Maternal cases covid

Trinidad and Tobago has lost a baby to COVID-19.

The newborn baby girl’s death was among 19 fatalities reported yesterday by the Ministry of Health.

The baby’s death occurred five days after Dr Joanne Paul, the Senior Paediatric Emergency Medicine Specialist at the Eric Williams Medical Science Complex, warned the country that such a death was inevitable.

Speaking on CNC3’s Turning Point programme last Thursday, Dr Paul minced no words: “It is just coming. Look at the trend. The fifteen-year-old came before. Then we had the thirteen-year-old and, you see the trend coming down. Then, we had the two seven-year-olds. Then, we’re seeing much more babies now, so there is going to be a time where that happens.”

The newborn baby girl became the country’s fifth paediatric death, the third child to die from COVID-19 in less than three weeks and the country’s youngest COVID fatality.

Only last month, Minister of Health Terrence Deyalsingh said that in the space of three months, 14 children under the age of one were admitted to hospital with COVID-19 and of that number, 11 were under three months old.

From March 2020 to December 1 this year, the country has had 320 paediatric hospital admissions due to COVID-19, which Dr Paul said has been on the rise.

She explained that children aren’t showing the typical respiratory distress seen in adults. Instead, some of the most common symptoms include diarrhoea, fever, irregular heartbeat and seizures.

Newborn babies, particularly those who are premature and those less than three months, were coming in with sepsis, which Dr Paul explained is an infection of the blood due to an immature immune system being suppressed by COVID-19 and allowing abundant bacteria to be present in the blood.

Dr Paul advised parents to watch out for, “when they (babies) are looking shut down, a bit off colour, laying there lethargic and drowsy, and you can tell something is definitely wrong.”

But what is driving these new paediatric infections? According to the doctor, it is the Delta variant of concern.

T&T crosses 1,000 maternal COVID-19 cases

On the same day the death of the newborn baby girl was announced, Director of Women’s Health at the Ministry of Health, Dr Adesh Sirjusingh, revealed the country had recorded 1,002 cases amongst the pregnant population as of March 2020. He said 994 of those cases occurred in 2021, and 440 occurred in the last four months until December 3.

From 2017 to 2020, T&T achieved the Sustainable Development Goal of four or fewer maternal deaths annually. However, in 2021, the country recorded seven maternal deaths, four of which were due to COVID-19.

Dr Sirjusingh added the country now has four confirmed cases of mother-to-child COVID-19 transmission, and “the outcomes have not been good.” He said patient confidentially limits medical practitioners from disclosing case-specific details but noted, “This is largely affecting the unvaccinated population.”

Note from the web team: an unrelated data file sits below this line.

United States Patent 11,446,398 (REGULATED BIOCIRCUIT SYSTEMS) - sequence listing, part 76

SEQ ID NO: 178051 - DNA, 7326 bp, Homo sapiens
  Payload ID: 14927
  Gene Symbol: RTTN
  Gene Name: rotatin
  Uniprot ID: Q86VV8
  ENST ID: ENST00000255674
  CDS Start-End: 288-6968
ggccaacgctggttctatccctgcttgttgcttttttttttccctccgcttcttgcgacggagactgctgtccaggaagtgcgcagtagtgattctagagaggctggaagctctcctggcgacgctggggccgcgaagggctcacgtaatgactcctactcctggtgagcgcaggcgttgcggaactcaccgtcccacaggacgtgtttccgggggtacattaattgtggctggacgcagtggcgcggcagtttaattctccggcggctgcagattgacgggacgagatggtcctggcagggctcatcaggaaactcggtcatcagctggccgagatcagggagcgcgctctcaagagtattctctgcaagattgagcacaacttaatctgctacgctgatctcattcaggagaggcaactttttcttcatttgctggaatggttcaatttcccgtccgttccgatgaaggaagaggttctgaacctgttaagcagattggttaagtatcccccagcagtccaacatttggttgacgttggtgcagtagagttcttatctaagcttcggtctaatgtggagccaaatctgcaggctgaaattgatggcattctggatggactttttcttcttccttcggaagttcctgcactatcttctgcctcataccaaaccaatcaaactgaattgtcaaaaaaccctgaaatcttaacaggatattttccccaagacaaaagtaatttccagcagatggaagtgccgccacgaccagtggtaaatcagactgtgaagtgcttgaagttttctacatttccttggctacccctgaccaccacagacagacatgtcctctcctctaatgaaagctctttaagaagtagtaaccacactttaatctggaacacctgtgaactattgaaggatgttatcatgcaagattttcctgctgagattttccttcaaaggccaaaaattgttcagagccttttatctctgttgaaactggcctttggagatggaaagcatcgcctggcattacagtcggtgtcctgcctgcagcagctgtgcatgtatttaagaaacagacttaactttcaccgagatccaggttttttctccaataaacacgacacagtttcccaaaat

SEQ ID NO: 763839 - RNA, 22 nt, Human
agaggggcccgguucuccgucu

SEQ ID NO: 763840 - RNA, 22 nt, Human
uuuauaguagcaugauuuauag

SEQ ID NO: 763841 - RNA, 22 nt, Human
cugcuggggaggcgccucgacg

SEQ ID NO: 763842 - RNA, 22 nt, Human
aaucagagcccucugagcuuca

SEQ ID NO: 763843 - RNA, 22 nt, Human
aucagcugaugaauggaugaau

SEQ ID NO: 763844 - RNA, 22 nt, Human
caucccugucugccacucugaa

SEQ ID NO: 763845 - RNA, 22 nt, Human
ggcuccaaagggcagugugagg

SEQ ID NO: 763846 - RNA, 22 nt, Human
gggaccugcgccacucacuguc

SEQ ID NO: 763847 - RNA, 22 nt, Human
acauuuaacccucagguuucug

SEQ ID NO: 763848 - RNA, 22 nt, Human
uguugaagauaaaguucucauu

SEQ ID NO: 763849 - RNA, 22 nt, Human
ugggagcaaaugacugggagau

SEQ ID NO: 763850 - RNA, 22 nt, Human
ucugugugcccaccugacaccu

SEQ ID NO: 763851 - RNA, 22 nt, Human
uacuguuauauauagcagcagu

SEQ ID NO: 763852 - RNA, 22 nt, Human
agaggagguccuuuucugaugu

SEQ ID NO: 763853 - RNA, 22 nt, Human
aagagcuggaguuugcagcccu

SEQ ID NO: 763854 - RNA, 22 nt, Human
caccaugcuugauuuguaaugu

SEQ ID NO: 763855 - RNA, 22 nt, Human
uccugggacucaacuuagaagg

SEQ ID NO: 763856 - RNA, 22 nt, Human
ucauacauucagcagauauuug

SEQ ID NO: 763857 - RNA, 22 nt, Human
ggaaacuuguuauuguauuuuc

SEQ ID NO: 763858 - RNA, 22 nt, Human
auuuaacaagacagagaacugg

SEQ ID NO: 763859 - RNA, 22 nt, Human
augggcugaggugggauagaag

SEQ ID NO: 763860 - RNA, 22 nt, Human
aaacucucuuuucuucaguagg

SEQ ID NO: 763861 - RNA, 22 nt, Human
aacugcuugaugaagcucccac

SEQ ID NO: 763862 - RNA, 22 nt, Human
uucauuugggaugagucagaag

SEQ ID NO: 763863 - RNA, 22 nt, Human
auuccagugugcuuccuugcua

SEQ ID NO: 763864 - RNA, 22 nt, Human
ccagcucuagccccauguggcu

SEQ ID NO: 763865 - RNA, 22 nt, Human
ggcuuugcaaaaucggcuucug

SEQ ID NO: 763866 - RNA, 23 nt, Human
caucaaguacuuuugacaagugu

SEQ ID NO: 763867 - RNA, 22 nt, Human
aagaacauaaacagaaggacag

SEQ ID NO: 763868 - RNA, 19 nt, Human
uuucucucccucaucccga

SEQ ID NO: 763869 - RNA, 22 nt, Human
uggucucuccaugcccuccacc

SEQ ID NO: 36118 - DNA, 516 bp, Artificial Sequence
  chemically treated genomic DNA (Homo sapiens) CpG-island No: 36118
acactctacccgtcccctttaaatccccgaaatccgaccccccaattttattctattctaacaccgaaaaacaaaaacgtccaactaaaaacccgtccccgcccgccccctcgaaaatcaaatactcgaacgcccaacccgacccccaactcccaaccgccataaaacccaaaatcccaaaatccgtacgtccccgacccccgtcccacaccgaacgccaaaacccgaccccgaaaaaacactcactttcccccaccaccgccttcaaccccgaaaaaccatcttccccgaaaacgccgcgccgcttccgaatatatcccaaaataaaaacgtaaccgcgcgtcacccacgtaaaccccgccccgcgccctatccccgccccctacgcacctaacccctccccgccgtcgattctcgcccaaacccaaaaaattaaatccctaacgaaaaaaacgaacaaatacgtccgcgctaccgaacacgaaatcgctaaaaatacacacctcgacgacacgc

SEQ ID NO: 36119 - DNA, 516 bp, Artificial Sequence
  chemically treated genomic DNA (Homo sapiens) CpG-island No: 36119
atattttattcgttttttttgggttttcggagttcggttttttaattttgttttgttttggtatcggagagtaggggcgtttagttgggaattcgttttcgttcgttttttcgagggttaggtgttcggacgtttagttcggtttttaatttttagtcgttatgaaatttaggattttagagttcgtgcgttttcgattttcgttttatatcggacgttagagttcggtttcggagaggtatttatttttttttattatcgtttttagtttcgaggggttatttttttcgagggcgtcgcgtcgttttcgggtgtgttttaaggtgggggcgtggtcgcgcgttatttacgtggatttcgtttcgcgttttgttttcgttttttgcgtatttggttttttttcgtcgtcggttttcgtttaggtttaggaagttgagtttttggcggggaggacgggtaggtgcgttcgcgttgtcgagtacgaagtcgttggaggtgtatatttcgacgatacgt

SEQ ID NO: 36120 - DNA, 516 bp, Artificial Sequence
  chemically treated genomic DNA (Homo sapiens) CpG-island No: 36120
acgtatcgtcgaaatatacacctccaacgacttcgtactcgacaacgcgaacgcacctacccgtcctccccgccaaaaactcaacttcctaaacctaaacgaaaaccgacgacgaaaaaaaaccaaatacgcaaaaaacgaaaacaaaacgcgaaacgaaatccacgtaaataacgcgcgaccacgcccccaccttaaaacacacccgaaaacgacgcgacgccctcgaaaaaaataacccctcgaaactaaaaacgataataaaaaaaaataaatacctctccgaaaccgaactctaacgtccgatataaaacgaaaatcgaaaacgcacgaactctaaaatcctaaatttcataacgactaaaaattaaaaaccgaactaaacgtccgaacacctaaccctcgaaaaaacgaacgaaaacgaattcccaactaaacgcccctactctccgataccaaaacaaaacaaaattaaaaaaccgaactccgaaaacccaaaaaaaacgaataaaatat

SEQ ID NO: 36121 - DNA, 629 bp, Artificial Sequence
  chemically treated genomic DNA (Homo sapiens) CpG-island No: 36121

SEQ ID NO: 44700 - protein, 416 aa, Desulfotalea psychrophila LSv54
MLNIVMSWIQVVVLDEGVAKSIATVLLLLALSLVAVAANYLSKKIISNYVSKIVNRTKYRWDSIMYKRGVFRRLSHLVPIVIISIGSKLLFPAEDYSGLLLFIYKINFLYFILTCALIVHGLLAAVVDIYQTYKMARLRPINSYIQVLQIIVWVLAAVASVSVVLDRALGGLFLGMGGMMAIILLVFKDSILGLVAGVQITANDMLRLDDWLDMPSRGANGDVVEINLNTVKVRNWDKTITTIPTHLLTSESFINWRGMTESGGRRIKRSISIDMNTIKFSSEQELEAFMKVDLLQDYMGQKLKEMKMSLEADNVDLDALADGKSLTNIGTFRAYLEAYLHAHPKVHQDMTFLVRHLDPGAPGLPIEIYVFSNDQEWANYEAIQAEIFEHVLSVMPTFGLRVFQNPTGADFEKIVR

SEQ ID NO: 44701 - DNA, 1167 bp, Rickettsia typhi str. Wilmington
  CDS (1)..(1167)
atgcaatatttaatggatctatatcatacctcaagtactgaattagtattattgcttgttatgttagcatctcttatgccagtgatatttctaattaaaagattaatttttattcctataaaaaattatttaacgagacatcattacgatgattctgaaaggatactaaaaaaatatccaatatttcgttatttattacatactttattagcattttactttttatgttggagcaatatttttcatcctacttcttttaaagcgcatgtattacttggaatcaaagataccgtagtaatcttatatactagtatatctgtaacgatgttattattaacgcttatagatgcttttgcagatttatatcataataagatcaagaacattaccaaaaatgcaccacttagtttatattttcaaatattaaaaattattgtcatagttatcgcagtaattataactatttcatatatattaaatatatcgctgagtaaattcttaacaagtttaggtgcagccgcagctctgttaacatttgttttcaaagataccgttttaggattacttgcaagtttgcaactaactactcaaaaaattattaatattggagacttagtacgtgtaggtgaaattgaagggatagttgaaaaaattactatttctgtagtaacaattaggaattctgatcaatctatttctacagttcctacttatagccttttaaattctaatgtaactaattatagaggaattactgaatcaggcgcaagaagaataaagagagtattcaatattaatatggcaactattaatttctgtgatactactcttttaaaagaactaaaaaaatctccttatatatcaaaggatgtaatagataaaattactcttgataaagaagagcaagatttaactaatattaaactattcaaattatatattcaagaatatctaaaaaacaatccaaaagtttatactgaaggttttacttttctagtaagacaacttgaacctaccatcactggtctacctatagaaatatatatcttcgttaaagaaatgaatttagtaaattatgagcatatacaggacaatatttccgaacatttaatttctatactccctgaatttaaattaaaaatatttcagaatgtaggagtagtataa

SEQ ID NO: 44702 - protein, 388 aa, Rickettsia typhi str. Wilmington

Dr Sirjusingh also explained that these four mother-to-child cases were found in newborn babies swabbed at delivery. Two of these babies are well and asymptomatic; one case was a stillbirth, a recognised complication of COVID-19, and the last case was under investigation.

Dr Sirjusingh said they noticed women becoming severely ill, particularly during the second half of the pregnancy, and the Delta variant is adding to the spread and severe disease. For the babies, the foetus can be affected due to premature birth and mother-to-child transmission.

Change in vaccine policy for pregnant mothers

Trinidad and Tobago approved the Sinopharm and Pfizer-BioNTech COVID-19 vaccines for breastfeeding mothers in June 2021 and September 2021 respectively. For those who are pregnant, the Pfizer-BioNTech COVID-19 vaccine is approved for the second and third trimesters, even if the woman received the first dose of Sinopharm or Oxford-AstraZeneca COVID-19 vaccine before pregnancy.

Yesterday, the Ministry of Health updated the COVID-19 vaccination programme for pregnant women who received one dose of the Sinopharm vaccine before pregnancy. Now, those pregnant who received their first dose of Sinopharm before pregnancy will receive two doses of the Pfizer-BioNTech COVID-19 vaccine once they are in their second or third trimester. Only one Pfizer-BioNTech dose will be required to complete the vaccination regime for those who received Oxford-AstraZeneca.

Dr Sirjusingh reiterated that the vaccine is safe, especially in the breastfeeding mother population. The Ministry of Health also noted that the latest change in advice could evolve based on new scientific data.

Country sees second-highest daily cases

As the country also reported 19 new COVID-19 deaths, 801 COVID-19 cases were confirmed yesterday, marking the second-highest daily confirmed COVID-19 case count for the pandemic to date. Of concern, cases on Mondays tend to be the lowest for the week due to reduced sample processing over the weekend.

Meanwhile, the Trinidad and Tobago Police Service (TTPS) lost its 19th member to COVID-19. PC Mark Aleia tested positive for COVID-19 and passed away on December 4.